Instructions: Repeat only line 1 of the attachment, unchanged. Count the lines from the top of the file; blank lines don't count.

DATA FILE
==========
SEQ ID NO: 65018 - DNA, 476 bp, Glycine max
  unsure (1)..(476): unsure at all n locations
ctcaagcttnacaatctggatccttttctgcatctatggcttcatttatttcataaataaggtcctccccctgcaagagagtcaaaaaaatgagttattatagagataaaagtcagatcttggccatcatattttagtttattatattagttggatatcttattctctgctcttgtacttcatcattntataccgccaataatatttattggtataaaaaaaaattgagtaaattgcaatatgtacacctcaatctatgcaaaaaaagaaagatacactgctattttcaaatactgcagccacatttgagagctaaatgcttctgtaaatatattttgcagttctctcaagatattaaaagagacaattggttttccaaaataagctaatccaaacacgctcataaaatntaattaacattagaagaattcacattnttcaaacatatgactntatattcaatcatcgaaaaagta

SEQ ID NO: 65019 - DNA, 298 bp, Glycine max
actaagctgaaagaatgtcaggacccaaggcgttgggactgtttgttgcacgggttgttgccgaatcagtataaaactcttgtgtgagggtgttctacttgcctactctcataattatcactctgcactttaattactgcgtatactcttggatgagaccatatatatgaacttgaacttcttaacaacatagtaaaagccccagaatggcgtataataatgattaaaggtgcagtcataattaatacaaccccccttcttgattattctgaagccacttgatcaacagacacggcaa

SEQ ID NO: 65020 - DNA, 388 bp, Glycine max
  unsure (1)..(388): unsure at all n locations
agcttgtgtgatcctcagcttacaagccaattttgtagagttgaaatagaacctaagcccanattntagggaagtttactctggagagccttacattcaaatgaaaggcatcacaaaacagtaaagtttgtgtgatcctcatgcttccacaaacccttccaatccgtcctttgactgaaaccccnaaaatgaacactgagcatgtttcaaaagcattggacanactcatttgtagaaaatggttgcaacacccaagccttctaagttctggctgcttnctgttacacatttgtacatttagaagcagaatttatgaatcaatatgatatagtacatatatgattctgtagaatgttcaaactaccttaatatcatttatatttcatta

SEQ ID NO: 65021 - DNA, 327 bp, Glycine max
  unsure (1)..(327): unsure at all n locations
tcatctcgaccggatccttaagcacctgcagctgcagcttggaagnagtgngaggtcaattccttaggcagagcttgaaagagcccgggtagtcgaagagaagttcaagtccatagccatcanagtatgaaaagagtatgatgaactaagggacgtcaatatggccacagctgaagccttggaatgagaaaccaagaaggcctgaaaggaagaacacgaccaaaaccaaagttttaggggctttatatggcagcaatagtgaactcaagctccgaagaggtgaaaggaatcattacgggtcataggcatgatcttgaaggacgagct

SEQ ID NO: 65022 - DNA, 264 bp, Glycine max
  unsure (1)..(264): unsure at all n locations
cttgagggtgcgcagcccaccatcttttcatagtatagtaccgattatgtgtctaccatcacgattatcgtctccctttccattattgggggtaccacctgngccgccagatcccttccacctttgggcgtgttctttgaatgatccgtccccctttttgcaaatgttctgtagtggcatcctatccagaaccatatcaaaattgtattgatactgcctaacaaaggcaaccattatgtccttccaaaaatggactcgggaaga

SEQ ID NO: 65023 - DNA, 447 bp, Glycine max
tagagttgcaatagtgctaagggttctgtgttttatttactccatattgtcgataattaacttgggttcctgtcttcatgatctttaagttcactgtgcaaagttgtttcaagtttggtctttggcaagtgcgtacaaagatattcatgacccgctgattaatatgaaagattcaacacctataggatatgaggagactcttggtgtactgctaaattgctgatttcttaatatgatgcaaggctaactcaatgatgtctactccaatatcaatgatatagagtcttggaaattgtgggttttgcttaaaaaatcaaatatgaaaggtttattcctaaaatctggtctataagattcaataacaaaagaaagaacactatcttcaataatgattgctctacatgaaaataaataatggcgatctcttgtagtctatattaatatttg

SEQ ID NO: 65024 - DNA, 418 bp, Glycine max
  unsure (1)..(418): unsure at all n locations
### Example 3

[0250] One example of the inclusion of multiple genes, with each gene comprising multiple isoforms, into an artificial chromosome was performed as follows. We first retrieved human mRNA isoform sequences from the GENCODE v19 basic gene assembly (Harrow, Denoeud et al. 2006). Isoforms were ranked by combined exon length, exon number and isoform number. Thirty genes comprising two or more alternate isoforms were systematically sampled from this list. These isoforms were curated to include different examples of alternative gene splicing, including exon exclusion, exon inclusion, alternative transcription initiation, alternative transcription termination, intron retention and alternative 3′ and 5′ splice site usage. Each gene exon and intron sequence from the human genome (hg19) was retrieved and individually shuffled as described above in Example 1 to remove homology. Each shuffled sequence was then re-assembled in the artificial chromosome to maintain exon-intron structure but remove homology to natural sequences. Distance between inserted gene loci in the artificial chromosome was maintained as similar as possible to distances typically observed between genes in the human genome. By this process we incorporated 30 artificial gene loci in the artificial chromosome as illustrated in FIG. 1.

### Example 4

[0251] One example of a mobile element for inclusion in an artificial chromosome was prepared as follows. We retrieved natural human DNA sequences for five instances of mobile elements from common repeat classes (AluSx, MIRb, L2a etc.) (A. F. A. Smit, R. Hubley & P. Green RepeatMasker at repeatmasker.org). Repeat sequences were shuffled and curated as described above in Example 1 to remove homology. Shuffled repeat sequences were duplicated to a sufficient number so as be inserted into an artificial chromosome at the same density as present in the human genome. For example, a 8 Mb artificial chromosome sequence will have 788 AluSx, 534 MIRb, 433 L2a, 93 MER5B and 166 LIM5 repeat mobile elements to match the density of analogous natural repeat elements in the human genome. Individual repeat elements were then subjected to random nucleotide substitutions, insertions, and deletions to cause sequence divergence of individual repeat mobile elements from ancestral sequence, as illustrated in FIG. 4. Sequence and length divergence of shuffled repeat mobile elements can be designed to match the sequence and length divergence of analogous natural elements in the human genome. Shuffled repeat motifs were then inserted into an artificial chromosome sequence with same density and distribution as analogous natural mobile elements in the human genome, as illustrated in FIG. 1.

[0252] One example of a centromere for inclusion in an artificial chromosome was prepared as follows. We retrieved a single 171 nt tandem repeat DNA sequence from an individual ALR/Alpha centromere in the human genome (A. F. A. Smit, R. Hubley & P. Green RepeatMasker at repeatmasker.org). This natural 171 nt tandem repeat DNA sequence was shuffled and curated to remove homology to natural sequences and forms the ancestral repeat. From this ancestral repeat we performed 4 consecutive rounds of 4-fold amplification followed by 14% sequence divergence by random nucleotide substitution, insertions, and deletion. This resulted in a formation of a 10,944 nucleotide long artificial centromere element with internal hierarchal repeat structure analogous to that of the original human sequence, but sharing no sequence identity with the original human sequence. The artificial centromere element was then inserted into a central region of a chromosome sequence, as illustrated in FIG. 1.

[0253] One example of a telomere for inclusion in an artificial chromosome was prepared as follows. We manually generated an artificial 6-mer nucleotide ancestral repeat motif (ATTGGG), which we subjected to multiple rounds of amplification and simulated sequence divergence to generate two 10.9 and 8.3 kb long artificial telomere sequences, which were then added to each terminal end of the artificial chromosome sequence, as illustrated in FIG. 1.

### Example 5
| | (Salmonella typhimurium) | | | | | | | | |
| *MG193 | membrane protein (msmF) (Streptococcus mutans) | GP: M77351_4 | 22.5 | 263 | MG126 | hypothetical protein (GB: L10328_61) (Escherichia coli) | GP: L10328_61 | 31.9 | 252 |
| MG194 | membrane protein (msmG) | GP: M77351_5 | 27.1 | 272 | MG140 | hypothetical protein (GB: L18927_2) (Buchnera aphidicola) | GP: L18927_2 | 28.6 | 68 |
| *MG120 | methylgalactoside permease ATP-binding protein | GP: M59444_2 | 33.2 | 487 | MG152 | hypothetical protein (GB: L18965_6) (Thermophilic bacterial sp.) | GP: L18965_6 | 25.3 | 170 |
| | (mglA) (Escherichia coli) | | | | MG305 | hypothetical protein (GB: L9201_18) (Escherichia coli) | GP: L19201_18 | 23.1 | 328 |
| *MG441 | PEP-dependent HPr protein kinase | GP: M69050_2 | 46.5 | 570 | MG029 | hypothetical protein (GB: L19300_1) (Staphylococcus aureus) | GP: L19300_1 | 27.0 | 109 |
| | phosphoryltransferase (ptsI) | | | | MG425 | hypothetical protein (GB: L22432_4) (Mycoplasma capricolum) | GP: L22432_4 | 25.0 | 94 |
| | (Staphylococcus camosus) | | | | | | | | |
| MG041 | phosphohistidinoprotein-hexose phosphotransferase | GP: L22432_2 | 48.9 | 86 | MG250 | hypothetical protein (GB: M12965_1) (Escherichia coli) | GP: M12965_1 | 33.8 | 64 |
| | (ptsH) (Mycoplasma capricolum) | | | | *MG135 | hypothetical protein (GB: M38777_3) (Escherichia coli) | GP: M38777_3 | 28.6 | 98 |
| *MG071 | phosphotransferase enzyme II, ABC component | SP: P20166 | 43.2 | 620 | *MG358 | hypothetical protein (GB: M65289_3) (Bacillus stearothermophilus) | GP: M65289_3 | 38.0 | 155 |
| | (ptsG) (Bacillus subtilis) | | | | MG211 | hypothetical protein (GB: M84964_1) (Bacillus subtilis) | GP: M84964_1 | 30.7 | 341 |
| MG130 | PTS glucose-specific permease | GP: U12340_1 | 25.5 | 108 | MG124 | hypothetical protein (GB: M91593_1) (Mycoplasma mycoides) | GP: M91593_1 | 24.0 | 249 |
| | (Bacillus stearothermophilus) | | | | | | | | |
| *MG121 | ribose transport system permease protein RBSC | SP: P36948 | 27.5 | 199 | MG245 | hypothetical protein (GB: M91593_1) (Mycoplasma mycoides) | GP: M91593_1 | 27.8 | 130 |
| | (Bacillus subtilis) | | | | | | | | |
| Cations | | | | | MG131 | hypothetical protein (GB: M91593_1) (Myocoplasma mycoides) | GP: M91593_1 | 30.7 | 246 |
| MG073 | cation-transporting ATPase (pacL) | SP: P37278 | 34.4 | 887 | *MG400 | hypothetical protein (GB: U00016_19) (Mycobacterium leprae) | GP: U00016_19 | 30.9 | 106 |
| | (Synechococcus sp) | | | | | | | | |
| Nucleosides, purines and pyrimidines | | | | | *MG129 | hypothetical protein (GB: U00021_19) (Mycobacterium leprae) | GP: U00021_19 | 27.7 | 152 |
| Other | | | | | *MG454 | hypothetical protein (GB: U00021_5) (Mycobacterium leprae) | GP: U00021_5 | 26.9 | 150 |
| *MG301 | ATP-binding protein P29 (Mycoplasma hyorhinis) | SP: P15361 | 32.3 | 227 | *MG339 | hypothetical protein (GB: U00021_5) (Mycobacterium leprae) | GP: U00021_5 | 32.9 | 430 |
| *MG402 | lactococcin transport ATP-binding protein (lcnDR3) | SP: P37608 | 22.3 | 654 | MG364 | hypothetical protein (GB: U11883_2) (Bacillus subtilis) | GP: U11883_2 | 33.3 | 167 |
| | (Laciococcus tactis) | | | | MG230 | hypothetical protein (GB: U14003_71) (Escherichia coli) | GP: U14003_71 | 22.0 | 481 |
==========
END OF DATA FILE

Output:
SEQ ID NO: 65018 - DNA, 476 bp, Glycine max